The Coffee Book

Anatomy of an Industry from Crop to the Last Drop

REVISED AND UPDATED A compact guide to the beverage that keeps us running

“This well-written book is an enticing brew. . . . An outstanding example of a thorough industry treatment.” —Library Journal

A Library Journal “Best Business Book”

A freshly updated edition of the best introduction to one of the world’s most popular products, The Coffee Book is jammed full of facts, figures, cartoons, and commentary covering coffee from its first use in Ethiopia in the sixth century to the rise of Starbucks and the emergence of Fair Trade coffee in the twenty-first. The book explores the process of cultivation, harvesting, and roasting from bean to cup; surveys the social history of café society from the first coffeehouses in Constantinople to beatnik havens in Berkeley and Greenwich Village; and tells the dramatic tale of high-stakes international trade and speculation for a product that can make or break entire national economies. It also examines the industry’s major players, revealing how they have systematically reduced the quality of the bean and turned a much-loved product into a commodity and lifestyle accoutrement, ruining the lives of millions of farmers around the world in the process.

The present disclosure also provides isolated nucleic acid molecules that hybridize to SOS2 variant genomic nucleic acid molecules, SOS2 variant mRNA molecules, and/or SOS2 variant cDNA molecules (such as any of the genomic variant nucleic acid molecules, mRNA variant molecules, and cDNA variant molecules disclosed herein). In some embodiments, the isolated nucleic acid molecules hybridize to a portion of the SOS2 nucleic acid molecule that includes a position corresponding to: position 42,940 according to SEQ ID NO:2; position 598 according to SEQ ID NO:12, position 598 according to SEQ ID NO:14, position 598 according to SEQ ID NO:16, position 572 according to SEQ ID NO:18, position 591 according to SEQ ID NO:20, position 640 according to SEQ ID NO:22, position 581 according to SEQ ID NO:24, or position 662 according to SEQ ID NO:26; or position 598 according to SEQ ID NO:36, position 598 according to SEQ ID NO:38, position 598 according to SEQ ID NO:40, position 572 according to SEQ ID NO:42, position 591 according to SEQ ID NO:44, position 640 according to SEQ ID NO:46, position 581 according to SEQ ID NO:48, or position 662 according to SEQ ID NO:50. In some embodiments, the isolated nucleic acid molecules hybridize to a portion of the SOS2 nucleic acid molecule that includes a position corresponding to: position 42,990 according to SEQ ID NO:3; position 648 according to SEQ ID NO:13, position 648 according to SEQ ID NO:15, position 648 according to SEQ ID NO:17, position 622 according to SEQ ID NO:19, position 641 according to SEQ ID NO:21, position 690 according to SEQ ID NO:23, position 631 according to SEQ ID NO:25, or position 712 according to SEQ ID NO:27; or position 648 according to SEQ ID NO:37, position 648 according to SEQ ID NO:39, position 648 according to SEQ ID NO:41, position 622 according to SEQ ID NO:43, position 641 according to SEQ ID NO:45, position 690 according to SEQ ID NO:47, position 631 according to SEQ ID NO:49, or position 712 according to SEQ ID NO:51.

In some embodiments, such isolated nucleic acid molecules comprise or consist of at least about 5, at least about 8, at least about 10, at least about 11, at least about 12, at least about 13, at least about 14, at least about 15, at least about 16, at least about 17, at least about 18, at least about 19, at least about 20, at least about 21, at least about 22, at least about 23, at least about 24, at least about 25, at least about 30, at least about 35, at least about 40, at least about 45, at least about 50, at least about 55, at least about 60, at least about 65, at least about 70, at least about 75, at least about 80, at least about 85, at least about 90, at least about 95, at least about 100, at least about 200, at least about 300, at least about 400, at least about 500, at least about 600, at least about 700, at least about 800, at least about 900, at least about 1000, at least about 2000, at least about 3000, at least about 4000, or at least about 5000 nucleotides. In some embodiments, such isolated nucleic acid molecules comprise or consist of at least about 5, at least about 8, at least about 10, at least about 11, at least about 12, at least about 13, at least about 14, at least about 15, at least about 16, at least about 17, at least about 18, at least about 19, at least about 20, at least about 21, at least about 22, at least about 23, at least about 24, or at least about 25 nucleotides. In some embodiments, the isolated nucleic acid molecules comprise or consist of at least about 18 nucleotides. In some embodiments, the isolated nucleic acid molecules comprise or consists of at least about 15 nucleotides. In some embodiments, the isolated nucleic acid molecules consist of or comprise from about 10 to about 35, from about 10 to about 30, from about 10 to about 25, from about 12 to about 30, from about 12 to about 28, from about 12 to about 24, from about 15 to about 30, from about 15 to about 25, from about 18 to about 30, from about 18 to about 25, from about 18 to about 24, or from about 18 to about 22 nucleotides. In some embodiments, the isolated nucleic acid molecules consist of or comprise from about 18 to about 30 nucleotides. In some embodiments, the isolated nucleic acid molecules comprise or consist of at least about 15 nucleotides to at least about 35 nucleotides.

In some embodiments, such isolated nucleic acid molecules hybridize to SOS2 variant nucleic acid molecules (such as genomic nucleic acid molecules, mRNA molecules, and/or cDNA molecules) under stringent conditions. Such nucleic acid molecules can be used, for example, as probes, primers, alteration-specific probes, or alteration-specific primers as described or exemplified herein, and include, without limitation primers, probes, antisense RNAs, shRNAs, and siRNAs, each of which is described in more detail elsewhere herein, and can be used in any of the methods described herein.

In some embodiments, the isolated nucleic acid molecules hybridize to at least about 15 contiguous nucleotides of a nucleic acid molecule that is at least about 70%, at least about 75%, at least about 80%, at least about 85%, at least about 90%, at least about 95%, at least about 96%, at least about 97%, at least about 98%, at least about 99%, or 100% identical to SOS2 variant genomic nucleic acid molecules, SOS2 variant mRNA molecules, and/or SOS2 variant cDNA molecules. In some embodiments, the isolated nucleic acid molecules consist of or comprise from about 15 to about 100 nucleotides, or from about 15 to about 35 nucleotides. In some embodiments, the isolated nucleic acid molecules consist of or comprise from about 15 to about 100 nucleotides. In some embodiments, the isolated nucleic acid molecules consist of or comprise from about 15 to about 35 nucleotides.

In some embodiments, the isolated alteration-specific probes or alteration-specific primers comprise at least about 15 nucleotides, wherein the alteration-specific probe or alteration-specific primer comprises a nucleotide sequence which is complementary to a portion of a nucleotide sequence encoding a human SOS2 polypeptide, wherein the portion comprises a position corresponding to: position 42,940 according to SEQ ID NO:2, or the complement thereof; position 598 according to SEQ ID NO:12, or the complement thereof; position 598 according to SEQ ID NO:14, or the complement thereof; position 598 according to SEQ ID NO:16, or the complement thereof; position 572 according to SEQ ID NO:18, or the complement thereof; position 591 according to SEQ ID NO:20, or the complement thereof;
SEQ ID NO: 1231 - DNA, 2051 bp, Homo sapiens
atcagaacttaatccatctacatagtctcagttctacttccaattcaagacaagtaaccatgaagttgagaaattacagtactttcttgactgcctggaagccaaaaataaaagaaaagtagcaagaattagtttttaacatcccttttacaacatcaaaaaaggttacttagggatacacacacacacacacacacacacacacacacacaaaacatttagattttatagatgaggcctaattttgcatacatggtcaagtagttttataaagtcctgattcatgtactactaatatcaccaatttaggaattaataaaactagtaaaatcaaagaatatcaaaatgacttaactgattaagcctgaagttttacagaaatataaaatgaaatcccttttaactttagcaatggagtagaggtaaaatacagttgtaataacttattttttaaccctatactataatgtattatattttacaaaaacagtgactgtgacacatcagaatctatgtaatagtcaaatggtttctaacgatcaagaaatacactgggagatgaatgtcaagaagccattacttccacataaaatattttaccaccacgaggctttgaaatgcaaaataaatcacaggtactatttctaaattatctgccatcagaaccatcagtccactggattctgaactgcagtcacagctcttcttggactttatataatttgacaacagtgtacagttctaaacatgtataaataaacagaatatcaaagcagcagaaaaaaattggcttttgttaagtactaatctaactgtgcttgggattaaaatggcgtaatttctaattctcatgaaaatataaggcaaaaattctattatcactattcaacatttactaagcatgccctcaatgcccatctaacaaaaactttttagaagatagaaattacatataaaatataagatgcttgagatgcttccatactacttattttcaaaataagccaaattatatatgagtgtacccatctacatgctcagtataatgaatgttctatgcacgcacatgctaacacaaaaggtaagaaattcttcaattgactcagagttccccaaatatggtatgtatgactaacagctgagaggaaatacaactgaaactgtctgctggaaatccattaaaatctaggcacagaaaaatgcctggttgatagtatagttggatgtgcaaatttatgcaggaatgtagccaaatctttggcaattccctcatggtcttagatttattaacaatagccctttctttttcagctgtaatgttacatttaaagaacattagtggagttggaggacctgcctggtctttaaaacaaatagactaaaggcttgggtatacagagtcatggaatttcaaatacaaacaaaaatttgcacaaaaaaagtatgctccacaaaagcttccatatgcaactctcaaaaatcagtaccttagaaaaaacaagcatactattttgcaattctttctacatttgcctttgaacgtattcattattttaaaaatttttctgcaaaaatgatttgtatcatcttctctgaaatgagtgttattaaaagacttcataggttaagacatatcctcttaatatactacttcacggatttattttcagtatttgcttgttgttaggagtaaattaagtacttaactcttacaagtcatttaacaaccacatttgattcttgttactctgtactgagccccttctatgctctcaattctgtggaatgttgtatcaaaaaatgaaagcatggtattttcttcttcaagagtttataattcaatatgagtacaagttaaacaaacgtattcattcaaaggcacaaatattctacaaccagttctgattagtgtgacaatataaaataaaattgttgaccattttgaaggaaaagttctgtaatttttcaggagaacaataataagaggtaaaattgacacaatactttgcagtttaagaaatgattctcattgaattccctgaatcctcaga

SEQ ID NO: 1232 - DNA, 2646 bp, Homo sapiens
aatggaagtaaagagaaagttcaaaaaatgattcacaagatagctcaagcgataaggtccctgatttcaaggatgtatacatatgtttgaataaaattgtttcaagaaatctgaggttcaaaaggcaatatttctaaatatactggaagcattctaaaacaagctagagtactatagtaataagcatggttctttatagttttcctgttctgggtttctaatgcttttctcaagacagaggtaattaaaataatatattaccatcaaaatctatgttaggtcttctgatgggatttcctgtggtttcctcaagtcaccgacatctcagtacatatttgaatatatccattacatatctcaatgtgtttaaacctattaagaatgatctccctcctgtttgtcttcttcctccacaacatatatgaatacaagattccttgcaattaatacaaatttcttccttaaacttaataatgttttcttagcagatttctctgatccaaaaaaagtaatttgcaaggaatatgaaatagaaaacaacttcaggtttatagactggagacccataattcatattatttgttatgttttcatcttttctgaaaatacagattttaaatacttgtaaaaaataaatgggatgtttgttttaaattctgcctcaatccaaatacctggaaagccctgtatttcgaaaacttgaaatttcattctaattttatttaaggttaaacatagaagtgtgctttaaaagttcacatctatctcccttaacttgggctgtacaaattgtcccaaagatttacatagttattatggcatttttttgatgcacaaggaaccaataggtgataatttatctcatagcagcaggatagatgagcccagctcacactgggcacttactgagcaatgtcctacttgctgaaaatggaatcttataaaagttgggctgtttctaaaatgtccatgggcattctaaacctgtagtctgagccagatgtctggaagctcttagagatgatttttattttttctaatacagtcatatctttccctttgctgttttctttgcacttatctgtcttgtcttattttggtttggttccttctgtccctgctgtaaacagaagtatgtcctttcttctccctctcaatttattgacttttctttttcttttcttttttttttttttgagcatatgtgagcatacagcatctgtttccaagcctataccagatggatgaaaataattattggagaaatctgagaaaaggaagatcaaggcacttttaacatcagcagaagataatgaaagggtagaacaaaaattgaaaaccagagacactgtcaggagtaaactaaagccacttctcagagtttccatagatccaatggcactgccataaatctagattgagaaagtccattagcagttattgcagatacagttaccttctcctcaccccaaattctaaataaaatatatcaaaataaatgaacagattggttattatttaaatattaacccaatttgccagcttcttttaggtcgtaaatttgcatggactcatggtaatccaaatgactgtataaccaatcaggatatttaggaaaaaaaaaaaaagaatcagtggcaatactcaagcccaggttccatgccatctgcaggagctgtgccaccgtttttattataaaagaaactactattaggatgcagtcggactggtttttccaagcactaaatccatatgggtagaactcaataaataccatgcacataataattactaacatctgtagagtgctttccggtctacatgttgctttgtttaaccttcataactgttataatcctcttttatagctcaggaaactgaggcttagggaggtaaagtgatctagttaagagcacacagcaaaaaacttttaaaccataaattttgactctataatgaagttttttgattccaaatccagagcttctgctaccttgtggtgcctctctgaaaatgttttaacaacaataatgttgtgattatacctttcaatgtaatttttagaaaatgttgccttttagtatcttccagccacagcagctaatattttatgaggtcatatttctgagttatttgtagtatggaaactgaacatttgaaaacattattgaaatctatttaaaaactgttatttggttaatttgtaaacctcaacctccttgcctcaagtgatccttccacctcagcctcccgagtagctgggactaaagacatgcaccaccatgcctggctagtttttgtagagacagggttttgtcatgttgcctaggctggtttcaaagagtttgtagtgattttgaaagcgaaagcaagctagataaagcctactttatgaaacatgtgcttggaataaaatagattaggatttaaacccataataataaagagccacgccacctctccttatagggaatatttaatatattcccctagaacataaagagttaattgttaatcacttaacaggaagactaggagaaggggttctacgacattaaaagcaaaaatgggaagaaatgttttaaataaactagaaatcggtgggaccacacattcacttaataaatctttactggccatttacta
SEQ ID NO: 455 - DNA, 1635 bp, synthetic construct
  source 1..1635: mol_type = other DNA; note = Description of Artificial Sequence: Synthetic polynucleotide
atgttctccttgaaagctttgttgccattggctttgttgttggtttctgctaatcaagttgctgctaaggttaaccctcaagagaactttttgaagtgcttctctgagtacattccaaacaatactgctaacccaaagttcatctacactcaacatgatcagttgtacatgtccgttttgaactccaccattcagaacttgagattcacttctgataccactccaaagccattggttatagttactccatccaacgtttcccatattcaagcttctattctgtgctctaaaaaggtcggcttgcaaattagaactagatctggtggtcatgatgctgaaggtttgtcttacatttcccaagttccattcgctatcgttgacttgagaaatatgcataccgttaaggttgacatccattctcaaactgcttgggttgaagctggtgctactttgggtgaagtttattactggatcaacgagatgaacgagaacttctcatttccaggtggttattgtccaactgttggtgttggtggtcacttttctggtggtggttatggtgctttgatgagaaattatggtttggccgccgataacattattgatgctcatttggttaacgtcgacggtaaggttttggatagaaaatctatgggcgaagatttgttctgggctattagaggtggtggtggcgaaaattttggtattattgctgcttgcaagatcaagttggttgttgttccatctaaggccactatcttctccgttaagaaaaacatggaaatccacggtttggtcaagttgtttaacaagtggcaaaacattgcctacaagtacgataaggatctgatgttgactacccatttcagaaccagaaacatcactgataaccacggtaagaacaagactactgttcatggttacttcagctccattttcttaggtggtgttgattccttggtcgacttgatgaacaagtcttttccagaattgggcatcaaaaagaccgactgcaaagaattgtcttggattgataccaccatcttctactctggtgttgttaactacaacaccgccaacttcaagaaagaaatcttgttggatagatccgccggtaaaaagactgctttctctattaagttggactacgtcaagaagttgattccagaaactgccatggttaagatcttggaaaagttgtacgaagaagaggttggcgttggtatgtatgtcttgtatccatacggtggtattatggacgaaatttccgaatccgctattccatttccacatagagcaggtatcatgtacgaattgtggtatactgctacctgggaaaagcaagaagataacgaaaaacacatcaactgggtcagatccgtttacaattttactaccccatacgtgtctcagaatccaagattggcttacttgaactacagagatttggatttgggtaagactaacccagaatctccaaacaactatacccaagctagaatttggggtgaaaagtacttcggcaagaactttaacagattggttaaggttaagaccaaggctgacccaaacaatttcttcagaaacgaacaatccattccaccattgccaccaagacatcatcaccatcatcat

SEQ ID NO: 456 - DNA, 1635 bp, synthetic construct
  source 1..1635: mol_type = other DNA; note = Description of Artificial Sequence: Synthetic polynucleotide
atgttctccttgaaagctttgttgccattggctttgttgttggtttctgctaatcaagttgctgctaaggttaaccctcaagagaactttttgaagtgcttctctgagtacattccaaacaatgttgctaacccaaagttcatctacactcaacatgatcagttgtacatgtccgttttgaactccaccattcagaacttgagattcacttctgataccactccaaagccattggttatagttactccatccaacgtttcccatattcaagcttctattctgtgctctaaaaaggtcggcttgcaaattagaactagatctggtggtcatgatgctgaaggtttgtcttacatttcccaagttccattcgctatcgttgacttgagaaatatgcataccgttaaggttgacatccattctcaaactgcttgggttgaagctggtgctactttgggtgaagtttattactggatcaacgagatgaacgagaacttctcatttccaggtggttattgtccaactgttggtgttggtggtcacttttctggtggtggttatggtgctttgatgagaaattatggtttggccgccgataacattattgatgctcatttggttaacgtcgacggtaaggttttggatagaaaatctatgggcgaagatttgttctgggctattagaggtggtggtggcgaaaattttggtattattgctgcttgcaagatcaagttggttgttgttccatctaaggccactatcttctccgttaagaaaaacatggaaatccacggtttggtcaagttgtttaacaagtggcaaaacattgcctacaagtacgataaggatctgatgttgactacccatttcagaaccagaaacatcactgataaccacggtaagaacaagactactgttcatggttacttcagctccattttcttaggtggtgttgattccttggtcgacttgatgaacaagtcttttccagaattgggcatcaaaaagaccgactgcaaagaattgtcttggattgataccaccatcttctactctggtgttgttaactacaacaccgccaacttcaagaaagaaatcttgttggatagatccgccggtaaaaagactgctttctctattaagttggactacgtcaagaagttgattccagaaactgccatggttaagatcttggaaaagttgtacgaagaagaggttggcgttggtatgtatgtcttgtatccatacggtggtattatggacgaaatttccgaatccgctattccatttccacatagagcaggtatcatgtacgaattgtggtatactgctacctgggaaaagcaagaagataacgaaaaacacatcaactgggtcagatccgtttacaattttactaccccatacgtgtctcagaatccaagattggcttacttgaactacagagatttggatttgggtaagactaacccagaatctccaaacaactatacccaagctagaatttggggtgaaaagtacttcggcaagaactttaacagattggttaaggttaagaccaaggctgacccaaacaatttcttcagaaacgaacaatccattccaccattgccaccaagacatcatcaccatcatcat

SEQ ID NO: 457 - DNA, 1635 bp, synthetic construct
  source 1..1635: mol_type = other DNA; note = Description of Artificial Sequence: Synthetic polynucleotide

Finally, The Coffee Book, hailed as a Best Business Book by Library Journal when it was first published, considers the exploitation of labor and damage to the environment that mass cultivation causes, and explores the growing “conscious coffee” market and Fair Trade movement.


“Packed with an interesting punch . . . a fun little item.”
—Associated Press
“Most stimulating.”
The Baltimore Sun
“A succinct historical overview, bedecked with useful charts and graphs.”
San Francisco Examiner & Chronicle
“Good to the last sentence.”
Las Cruces (NM) Sun-News
“Informed and argumentative. . . . Drawing on sources ranging from Molière and beatnik cartoonists to the Food and Agriculture Organization, the authors describe the beverage’s long and colorful rise to ubiquity.”
The Economist